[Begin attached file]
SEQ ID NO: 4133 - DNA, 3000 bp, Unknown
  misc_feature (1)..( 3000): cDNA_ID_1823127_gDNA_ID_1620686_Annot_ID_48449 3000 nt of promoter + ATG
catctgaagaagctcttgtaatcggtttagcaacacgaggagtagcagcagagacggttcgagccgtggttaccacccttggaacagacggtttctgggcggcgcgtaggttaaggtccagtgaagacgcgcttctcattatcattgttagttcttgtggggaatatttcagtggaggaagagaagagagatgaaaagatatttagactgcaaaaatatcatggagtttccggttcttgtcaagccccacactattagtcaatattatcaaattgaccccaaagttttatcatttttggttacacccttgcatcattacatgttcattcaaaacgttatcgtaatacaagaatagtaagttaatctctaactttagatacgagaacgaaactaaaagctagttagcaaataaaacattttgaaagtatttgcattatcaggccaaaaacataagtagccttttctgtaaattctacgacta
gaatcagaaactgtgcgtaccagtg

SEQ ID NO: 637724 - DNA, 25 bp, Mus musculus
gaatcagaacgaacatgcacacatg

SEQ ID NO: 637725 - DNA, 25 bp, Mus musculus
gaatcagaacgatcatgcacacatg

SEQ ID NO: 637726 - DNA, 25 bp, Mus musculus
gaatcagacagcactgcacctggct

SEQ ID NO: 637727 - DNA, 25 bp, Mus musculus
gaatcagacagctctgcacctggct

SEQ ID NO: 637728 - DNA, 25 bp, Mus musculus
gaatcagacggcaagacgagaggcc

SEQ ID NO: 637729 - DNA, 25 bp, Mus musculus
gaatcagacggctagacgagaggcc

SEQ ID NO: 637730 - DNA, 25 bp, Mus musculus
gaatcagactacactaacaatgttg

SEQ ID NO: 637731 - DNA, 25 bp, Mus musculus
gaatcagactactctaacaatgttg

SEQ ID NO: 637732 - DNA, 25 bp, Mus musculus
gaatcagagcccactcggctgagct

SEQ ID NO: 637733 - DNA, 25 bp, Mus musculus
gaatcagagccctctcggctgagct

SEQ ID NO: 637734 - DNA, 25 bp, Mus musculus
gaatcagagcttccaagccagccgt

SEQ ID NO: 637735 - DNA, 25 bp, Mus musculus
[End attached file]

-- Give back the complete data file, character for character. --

SEQ ID NO: 4133 - DNA, 3000 bp, Unknown
  misc_feature (1)..( 3000): cDNA_ID_1823127_gDNA_ID_1620686_Annot_ID_48449 3000 nt of promoter + ATG
catctgaagaagctcttgtaatcggtttagcaacacgaggagtagcagcagagacggttcgagccgtggttaccacccttggaacagacggtttctgggcggcgcgtaggttaaggtccagtgaagacgcgcttctcattatcattgttagttcttgtggggaatatttcagtggaggaagagaagagagatgaaaagatatttagactgcaaaaatatcatggagtttccggttcttgtcaagccccacactattagtcaatattatcaaattgaccccaaagttttatcatttttggttacacccttgcatcattacatgttcattcaaaacgttatcgtaatacaagaatagtaagttaatctctaactttagatacgagaacgaaactaaaagctagttagcaaataaaacattttgaaagtatttgcattatcaggccaaaaacataagtagccttttctgtaaattctacgacta
gaatcagaaactgtgcgtaccagtg

SEQ ID NO: 637724 - DNA, 25 bp, Mus musculus
gaatcagaacgaacatgcacacatg

SEQ ID NO: 637725 - DNA, 25 bp, Mus musculus
gaatcagaacgatcatgcacacatg

SEQ ID NO: 637726 - DNA, 25 bp, Mus musculus
gaatcagacagcactgcacctggct

SEQ ID NO: 637727 - DNA, 25 bp, Mus musculus
gaatcagacagctctgcacctggct

SEQ ID NO: 637728 - DNA, 25 bp, Mus musculus
gaatcagacggcaagacgagaggcc

SEQ ID NO: 637729 - DNA, 25 bp, Mus musculus
gaatcagacggctagacgagaggcc

SEQ ID NO: 637730 - DNA, 25 bp, Mus musculus
gaatcagactacactaacaatgttg

SEQ ID NO: 637731 - DNA, 25 bp, Mus musculus
gaatcagactactctaacaatgttg

SEQ ID NO: 637732 - DNA, 25 bp, Mus musculus
gaatcagagcccactcggctgagct

SEQ ID NO: 637733 - DNA, 25 bp, Mus musculus
gaatcagagccctctcggctgagct

SEQ ID NO: 637734 - DNA, 25 bp, Mus musculus
gaatcagagcttccaagccagccgt

SEQ ID NO: 637735 - DNA, 25 bp, Mus musculus